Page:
Chemotherapy is a general term for treatments that use chemical agents (drugs) to kill cancer cells. Many different kinds of drugs are used, either alone or in combination, to treat different cancers. The specific drug or combination used is chosen to best combat the type and extent of cancer present.
Chemotherapy drugs are tested against various forms of cancer in an effort to find out which drugs work against that particular type of cancer. Multiple drugs, each individually effective against a certain cancer, are often combined to try and maximize the effect against the cancer. Drugs are combined so that there are few overlapping side effects, to make the treatment more tolerable. These combinations are then tested in clinical trials to see how effective they are. If a combination works better than the current “standard” treatment, it will become the new standard therapy.
The work of Chemotherapy is to destroy cancer cells but unfortunately, it cannot distinguish the difference between a cancer cell and some healthy cells. So this therapy eliminates not only kills the fast-growing cancer cells but also other fast-growing healthy cells in our body which include hair and blood cells. So very often there are unwanted side effects of chemotherapy like:
1. Low white blood cell count
2. Low red blood cell count
4. Low platelet count
6. Hair loss
Some of these side effects are temporary and quite uncomfortable. Mostly people fear chemotherapy because of these side effects. But over the last few decades many of these side effects have been successfully controlled. Some types of Chemotherapy have only some minimal side effects. So this therapy is very often the best option for a successful outcome.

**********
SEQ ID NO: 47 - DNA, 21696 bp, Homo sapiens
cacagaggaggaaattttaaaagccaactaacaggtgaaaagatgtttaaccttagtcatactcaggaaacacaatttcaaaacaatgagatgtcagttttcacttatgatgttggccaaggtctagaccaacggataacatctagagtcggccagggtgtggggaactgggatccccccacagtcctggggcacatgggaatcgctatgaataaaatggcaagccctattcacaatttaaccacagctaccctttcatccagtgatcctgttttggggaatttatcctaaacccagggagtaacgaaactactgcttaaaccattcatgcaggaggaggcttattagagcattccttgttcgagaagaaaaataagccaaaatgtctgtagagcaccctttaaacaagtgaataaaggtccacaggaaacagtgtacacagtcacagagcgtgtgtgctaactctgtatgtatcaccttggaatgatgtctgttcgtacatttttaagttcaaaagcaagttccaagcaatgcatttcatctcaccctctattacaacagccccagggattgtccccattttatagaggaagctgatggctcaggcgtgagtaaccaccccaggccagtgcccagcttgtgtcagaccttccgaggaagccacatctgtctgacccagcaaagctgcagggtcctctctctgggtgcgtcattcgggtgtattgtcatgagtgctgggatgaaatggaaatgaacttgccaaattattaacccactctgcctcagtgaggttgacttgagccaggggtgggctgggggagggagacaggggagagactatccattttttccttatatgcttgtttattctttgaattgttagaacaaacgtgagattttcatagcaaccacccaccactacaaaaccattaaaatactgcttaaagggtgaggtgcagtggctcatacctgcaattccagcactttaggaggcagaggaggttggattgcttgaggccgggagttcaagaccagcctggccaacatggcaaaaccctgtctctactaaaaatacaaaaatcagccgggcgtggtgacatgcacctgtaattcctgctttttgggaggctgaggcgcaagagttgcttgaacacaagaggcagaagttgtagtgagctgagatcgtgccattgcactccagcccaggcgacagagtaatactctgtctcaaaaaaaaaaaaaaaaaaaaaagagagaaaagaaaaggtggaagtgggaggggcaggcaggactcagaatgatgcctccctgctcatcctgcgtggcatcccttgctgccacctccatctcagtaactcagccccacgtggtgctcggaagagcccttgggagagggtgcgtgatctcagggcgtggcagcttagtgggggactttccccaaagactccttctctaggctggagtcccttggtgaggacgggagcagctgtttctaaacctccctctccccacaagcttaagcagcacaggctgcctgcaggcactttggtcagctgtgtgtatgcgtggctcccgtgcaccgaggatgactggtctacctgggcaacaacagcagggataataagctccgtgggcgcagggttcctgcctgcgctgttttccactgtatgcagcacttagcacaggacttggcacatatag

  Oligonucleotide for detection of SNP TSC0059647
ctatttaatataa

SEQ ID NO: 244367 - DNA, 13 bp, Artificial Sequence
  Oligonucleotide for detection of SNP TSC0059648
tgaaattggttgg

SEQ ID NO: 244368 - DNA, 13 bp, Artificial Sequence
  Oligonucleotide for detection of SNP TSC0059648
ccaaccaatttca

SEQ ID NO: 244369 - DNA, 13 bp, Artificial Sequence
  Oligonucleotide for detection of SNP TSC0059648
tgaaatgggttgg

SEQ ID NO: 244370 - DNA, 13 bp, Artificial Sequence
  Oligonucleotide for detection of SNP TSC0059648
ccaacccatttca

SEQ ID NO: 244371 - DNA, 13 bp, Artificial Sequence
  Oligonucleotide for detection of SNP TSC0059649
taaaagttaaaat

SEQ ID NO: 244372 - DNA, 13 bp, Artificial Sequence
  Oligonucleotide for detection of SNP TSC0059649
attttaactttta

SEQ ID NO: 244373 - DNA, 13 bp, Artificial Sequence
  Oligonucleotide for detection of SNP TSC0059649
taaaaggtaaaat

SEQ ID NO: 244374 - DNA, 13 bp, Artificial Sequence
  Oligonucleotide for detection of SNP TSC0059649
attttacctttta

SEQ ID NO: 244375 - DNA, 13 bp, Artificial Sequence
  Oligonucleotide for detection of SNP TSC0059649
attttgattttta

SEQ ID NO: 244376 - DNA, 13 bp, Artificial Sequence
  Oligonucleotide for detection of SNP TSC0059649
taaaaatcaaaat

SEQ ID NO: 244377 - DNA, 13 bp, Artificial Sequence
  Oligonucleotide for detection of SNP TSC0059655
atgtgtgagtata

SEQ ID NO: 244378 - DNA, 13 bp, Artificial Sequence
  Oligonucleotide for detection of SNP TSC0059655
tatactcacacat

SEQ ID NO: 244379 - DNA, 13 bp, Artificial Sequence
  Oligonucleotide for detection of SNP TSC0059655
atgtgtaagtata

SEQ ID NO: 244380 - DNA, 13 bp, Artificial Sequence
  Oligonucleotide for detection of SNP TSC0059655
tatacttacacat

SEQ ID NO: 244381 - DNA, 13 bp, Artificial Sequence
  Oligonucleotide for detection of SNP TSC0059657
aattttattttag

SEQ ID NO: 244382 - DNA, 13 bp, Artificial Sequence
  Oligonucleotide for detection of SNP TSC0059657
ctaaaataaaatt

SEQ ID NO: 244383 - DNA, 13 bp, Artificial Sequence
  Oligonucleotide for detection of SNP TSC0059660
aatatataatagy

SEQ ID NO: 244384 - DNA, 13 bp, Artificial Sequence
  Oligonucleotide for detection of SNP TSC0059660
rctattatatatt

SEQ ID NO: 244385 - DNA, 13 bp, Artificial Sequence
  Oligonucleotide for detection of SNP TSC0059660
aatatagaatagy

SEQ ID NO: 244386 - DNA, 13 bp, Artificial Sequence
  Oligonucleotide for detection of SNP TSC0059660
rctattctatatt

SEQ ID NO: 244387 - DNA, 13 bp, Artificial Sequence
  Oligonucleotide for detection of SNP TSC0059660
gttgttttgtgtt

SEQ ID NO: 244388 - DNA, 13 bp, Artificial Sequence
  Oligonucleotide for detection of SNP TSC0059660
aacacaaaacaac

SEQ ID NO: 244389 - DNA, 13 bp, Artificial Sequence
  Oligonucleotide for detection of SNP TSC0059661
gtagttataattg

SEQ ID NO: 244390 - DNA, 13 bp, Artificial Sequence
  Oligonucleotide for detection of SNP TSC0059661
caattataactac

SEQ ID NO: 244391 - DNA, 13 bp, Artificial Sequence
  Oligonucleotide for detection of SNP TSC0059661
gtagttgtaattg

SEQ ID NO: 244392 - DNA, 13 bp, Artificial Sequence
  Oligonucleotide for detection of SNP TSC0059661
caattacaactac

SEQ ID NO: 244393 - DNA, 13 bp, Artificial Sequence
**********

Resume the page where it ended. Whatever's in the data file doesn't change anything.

It is designed to improve chemotherapy benefits for liver cancer by increasing the amount of chemotherapy delivered to the site of the tumor. Chemotherapy is dispensed from a specialized infusion system in which a catheter is placed into the hepatic artery to directly deliver the chemotherapy to the liver. A fully implanted system is used so that the pump that connects to the catheter in the hepatic artery is implanted under the skin. This allows for long-term administration of chemotherapy medication directly into the liver. The pump is periodically filled with chemotherapy by your oncologist. Direct infusion of chemotherapy into the liver minimizes the side effects of the chemotherapy and allows high doses to be administered. Infusion of chemotherapy directly into the hepatic artery to minimize the side effects of the chemotherapy is an option in selected patients with liver cancer or metastatic spread of cancer to the liver. This treatment has been of special interest in patients with colorectal cancer with liver metastasis. Because liver metastases from colorectal cancer derive more than 80% of their blood supply from the hepatic artery, hepatic arterial infusion is well suited as an alternative or together with systemic chemotherapy for the treatment of liver tumors. Hepatic artery infusion of chemotherapy has also been used in patients after liver resection for colorectal cancer spread to the liver. This is most advanced technique available for the treatment of liver disorder patients. This surgical technique is most preferred by most of the liver surgeons. The benefits of Hepatic artery infusion chemotherapy are this chemotherapy often leads to a better response of the liver disease compared to regular chemotherapy and delays further growth of the tumor, HAI therapy shows a trend toward increased survival rates, HAI therapy shows reduced systemic side effects that are associated with regular chemotherapy, HAI therapy enhances quality of life. As the surgical technique is most advanced thus the side effects reduces after the surgery as compared to other surgical procedures.